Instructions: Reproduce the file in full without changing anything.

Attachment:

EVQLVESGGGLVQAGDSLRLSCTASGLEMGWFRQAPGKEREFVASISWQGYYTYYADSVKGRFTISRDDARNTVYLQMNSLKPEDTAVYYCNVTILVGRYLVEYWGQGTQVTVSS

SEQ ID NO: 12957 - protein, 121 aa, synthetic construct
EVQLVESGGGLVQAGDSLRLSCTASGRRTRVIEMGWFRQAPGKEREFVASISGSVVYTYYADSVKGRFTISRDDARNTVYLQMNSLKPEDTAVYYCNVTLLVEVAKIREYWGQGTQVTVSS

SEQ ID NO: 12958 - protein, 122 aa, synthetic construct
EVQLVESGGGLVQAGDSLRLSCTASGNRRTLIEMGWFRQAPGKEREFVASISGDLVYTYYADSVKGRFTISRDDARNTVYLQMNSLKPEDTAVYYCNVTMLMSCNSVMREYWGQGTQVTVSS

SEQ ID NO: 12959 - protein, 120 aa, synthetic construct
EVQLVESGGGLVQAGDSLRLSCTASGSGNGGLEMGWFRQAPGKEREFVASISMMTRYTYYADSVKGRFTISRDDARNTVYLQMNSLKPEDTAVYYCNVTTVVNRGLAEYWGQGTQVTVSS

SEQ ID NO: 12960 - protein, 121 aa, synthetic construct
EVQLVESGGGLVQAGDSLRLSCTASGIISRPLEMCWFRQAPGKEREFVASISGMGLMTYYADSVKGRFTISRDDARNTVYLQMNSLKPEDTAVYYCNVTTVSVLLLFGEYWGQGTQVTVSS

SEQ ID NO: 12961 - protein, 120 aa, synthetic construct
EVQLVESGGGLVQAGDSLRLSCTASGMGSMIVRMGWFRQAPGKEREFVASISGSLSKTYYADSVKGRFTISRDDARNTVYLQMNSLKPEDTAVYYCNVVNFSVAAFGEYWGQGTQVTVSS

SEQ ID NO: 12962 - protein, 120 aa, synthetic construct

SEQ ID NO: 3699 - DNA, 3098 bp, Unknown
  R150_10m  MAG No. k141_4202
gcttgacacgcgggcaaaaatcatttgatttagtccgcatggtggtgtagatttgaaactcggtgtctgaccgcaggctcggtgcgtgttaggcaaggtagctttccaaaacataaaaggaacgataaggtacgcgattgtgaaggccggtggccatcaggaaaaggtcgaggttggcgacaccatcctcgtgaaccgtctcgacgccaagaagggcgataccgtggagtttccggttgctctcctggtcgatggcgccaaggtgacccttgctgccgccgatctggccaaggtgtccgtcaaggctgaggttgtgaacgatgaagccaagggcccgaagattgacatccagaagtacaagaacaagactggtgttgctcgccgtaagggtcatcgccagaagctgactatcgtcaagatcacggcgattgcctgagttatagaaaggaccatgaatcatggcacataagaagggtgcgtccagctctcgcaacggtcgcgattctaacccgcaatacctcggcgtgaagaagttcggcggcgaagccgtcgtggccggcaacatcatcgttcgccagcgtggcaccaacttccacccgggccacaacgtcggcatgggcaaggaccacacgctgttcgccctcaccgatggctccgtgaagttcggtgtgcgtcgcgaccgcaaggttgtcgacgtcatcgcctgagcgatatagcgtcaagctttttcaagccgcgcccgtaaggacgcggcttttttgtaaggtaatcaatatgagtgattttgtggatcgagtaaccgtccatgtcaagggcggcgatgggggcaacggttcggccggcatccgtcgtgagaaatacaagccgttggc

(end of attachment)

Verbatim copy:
EVQLVESGGGLVQAGDSLRLSCTASGLEMGWFRQAPGKEREFVASISWQGYYTYYADSVKGRFTISRDDARNTVYLQMNSLKPEDTAVYYCNVTILVGRYLVEYWGQGTQVTVSS

SEQ ID NO: 12957 - protein, 121 aa, synthetic construct
EVQLVESGGGLVQAGDSLRLSCTASGRRTRVIEMGWFRQAPGKEREFVASISGSVVYTYYADSVKGRFTISRDDARNTVYLQMNSLKPEDTAVYYCNVTLLVEVAKIREYWGQGTQVTVSS

SEQ ID NO: 12958 - protein, 122 aa, synthetic construct
EVQLVESGGGLVQAGDSLRLSCTASGNRRTLIEMGWFRQAPGKEREFVASISGDLVYTYYADSVKGRFTISRDDARNTVYLQMNSLKPEDTAVYYCNVTMLMSCNSVMREYWGQGTQVTVSS

SEQ ID NO: 12959 - protein, 120 aa, synthetic construct
EVQLVESGGGLVQAGDSLRLSCTASGSGNGGLEMGWFRQAPGKEREFVASISMMTRYTYYADSVKGRFTISRDDARNTVYLQMNSLKPEDTAVYYCNVTTVVNRGLAEYWGQGTQVTVSS

SEQ ID NO: 12960 - protein, 121 aa, synthetic construct
EVQLVESGGGLVQAGDSLRLSCTASGIISRPLEMCWFRQAPGKEREFVASISGMGLMTYYADSVKGRFTISRDDARNTVYLQMNSLKPEDTAVYYCNVTTVSVLLLFGEYWGQGTQVTVSS

SEQ ID NO: 12961 - protein, 120 aa, synthetic construct
EVQLVESGGGLVQAGDSLRLSCTASGMGSMIVRMGWFRQAPGKEREFVASISGSLSKTYYADSVKGRFTISRDDARNTVYLQMNSLKPEDTAVYYCNVVNFSVAAFGEYWGQGTQVTVSS

SEQ ID NO: 12962 - protein, 120 aa, synthetic construct

SEQ ID NO: 3699 - DNA, 3098 bp, Unknown
  R150_10m  MAG No. k141_4202
gcttgacacgcgggcaaaaatcatttgatttagtccgcatggtggtgtagatttgaaactcggtgtctgaccgcaggctcggtgcgtgttaggcaaggtagctttccaaaacataaaaggaacgataaggtacgcgattgtgaaggccggtggccatcaggaaaaggtcgaggttggcgacaccatcctcgtgaaccgtctcgacgccaagaagggcgataccgtggagtttccggttgctctcctggtcgatggcgccaaggtgacccttgctgccgccgatctggccaaggtgtccgtcaaggctgaggttgtgaacgatgaagccaagggcccgaagattgacatccagaagtacaagaacaagactggtgttgctcgccgtaagggtcatcgccagaagctgactatcgtcaagatcacggcgattgcctgagttatagaaaggaccatgaatcatggcacataagaagggtgcgtccagctctcgcaacggtcgcgattctaacccgcaatacctcggcgtgaagaagttcggcggcgaagccgtcgtggccggcaacatcatcgttcgccagcgtggcaccaacttccacccgggccacaacgtcggcatgggcaaggaccacacgctgttcgccctcaccgatggctccgtgaagttcggtgtgcgtcgcgaccgcaaggttgtcgacgtcatcgcctgagcgatatagcgtcaagctttttcaagccgcgcccgtaaggacgcggcttttttgtaaggtaatcaatatgagtgattttgtggatcgagtaaccgtccatgtcaagggcggcgatgggggcaacggttcggccggcatccgtcgtgagaaatacaagccgttggc